Last year, not long after I became a dad and moved to New Jersey, I watched the news of the Sandy Hook shooting play itself out online. I found myself oddly moved by this event. Having a kid of my own had seemingly turned on some kind of circuit in my brain that made me feel a kind of proximity to events like these that I never had before.

Following the event, I did something fairly rare for me: I spent a bunch of time on Facebook. Specifically, I found myself reading over discussions on friends’ pages that involved some amount of debate or dialog between those people opposed to gun rights in the US, and those in favor.

As a Brit relocated to the US, I couldn’t really understand the enthusiasm around gun ownership. I didn’t want to be angry with the people promoting guns. I didn’t want to berate them or challenge them. I wanted to understand them. I still want to understand. I still really don’t get it.

I understand that people are concerned about personal freedom. But shouldn’t those people most concerned about freedom be against gun ownership? After all, more guns means less freedom. The one thing about a gun is that when somebody owns one, they can point it at you and make you do things. That’s what they’re for. It’s either that or killing people.

So I simply can’t see how having more guns can possibly make more freedom. By definition, every gun that you add to society makes the amount of personal freedom decrease.

I believe that the popular notion is that if both people in a problematic situation have a gun, then the power of one person to control the other is zeroed out. But this requires that those people reach for those guns at the same time. It seems to me that we’ve known since Wild West shootouts that that doesn’t happen. Instead, someone has a gun first and the other person reaching for their gun gets shot.

And then there’s the notion of personal defense. A person with a gun can hypothetically defend themselves more effectively. But that requires that the person doing the defending bring their gun out before there’s an unambiguous threat. Which means they have to assess the potential threat correctly one hundred percent of the time. Which means there are going to be mistakes and that some innocent people will die.

And finally, there’s the notion of the right to bear arms to protect oneself from one’s government. But the US government can listen in on all phone conversations, can see postage stamps from space, and has more nuclear weapons than anyone else on Earth. You can’t defend against that with a handgun. In fact, you can’t defend against that at all.

What I saw on Facebook was a lot of people on both sides of the debate feeling angry and entrenched, and a lot of dialog not going anywhere. That seems counterproductive to me. And at the same time I do have an opinion. What’s a dual citizen to do?


Ray Kurzweil Revisited/Reanimated

Yesterday, I received the most interesting and cogent response yet to my Tinker Point idea. It came from my friend Rob, who is himself a biologist. For those who don’t follow the comments on my posts, here is his comment in its entirety, because I like it. My thoughts on his remarks follow.

Interesting ideas here but the evolutionary reasoning is a little false. There are already examples in nature of convergent individuals that are very successful. So successful in fact that they have all but given up individuality for group success. The family Physaliidae is the best example of a society that maintains both a division of labor as well as an absolute requirement of cooperation.

But higher eusocial organisms also fit the bill, such as hymenopteran and isopteran societies that grow into vast numbers of of individuals. Even mammals have eusocial organiosms in the naked mole rats of East Africa.

I would not be so quick to imagine an evolutionary disadvantage to being susceptible to mental manipulation. Organisms that “allow” themselves to be domesticated do very well, much better than their wild type counter parts. Domestic chickens have gone global and outshine jungle fowl to a ridiculous extant. All horses are now domesticated. Dogs, corn, wheat, sheep, pigs, all have allowed themselves to be under profound control and in so doing have far outstripped their wild ancestors in evolutionary success.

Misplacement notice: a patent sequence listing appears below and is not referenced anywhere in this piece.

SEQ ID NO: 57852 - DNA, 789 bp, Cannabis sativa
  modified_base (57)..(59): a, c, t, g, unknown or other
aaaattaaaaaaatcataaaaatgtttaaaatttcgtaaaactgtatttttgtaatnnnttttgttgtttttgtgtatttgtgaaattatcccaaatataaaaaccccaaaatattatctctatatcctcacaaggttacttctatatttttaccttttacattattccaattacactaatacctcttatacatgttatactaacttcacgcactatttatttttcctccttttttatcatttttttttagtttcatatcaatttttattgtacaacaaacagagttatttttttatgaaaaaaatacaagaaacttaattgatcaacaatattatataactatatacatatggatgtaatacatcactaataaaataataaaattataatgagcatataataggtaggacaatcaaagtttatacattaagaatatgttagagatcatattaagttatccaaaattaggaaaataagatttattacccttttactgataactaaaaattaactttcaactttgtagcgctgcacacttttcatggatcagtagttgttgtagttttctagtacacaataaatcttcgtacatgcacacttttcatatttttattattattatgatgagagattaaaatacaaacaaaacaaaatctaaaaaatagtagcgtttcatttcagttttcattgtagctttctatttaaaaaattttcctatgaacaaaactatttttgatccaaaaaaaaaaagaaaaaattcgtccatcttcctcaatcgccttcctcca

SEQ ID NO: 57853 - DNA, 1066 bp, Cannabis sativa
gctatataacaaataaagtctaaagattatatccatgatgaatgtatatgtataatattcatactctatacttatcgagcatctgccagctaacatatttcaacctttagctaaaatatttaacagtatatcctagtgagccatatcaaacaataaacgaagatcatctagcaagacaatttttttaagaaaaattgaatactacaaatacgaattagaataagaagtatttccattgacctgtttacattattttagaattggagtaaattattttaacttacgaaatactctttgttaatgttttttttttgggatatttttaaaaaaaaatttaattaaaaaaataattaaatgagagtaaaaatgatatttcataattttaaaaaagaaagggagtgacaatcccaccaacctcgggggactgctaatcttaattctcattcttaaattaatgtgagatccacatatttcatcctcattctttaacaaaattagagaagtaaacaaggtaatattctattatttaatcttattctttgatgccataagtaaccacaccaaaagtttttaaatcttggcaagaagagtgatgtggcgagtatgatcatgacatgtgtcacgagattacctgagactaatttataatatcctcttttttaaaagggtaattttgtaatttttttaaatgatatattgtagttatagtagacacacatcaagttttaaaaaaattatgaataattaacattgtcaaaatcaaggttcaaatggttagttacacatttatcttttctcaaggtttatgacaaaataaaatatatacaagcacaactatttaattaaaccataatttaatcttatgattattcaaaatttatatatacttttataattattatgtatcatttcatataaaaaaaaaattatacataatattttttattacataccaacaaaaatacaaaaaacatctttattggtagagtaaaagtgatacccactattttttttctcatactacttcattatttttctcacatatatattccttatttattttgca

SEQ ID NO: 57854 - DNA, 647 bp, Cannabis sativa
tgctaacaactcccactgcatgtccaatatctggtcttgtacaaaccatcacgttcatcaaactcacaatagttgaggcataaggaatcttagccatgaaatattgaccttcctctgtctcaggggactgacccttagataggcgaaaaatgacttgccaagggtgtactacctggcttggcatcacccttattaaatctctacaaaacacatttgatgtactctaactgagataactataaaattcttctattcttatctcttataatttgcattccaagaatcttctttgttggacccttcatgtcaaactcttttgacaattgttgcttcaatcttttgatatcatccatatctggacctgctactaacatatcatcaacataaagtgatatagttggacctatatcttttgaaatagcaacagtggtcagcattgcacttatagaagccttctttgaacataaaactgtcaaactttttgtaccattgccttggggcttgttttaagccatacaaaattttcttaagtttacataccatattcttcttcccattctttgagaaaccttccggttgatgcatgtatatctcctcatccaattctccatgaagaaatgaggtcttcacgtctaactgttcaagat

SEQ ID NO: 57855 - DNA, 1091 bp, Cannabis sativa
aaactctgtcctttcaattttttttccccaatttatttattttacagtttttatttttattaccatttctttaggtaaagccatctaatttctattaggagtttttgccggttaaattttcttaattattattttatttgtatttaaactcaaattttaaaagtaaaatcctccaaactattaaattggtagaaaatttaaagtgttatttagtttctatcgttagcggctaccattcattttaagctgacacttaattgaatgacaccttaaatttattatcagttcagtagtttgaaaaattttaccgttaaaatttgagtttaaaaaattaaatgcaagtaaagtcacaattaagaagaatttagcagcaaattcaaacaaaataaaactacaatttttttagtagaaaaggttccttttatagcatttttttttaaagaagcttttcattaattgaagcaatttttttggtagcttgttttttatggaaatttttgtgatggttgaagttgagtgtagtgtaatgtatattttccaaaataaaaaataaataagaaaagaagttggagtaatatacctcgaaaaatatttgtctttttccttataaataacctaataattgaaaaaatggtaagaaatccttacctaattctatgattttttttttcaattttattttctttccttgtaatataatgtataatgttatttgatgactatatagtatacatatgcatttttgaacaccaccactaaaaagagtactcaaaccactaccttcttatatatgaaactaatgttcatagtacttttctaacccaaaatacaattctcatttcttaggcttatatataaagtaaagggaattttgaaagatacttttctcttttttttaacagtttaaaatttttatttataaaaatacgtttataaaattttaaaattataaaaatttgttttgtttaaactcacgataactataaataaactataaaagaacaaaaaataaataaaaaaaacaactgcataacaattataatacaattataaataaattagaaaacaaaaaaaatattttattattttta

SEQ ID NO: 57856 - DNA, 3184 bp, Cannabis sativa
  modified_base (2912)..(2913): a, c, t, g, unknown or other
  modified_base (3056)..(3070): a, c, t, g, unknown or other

I think what your argument does cover is that there are some very dark solutions to a future that includes a Kurzweil Singularity. If you mean that we may lose something of our individuality, or our humanity, then you are right to hold that fear. But game theory indicates not that individuality will be maintained, but rather that choices will be made that enhance a payoff. And every payoff is not the same to everyone in the game. So if something, such as a collective creature of electronic, biological, or amalgam, gets an advantage over a bunch of individuals then game theory and evolution both predict the payoff goes to that “something.” And by the way, evolution does’t care if an advantage is short term, it only cares about who wins right now. That’s why we still have global warming, and that’s why Kurzweil is correct.

These are great points. I agree with most of them.  Rob’s science is solid. And yet I still think Ray Kurzweil is wrong, and that my evolutionary perspective holds up. Why? Because the Tinker Point and the idea of collaborative human aggregation are not at odds with each other.

The idea of the Tinker Point is that no intelligent species gets past the point where it’s easier to tinker with themselves than to not. It says nothing about the pattern of cooperation under which that limit is reached.

I think Rob’s take here is that in a cooperative society in which humans lose a little humanity in order to bind together into a hyper-intelligent whole is one in which humanity is suddenly on the same page, and thus the incentive to destructively tinker goes away.  And while this might not look nice to individual human beings, it still constitutes a singularity. But I don’t think this interpretation holds water.

In nature, patterns of cooperation are always vulnerable to defection.  This is true at every scale, from transposons operating within individual cells, up to bankers cheating entire national economies for profit.

Furthermore, the force that keeps defection in check and enables cooperation to persist is that of group selection. Our cells don’t collapse in revolt every day because cells that revolt lead to non-viable organisms. We aren’t instantly riddled with cancer the moment we’re born because creatures whose cells don’t cooperate never get as far as reproducing. At every level at which agents cooperatively aggregate, there has to be something that the aggregates are competing against in order for the cooperation to be maintained. Bind the entire species into a single hive-mind and your incentive has gone away. Massive social collapse at that point is eventually inevitable.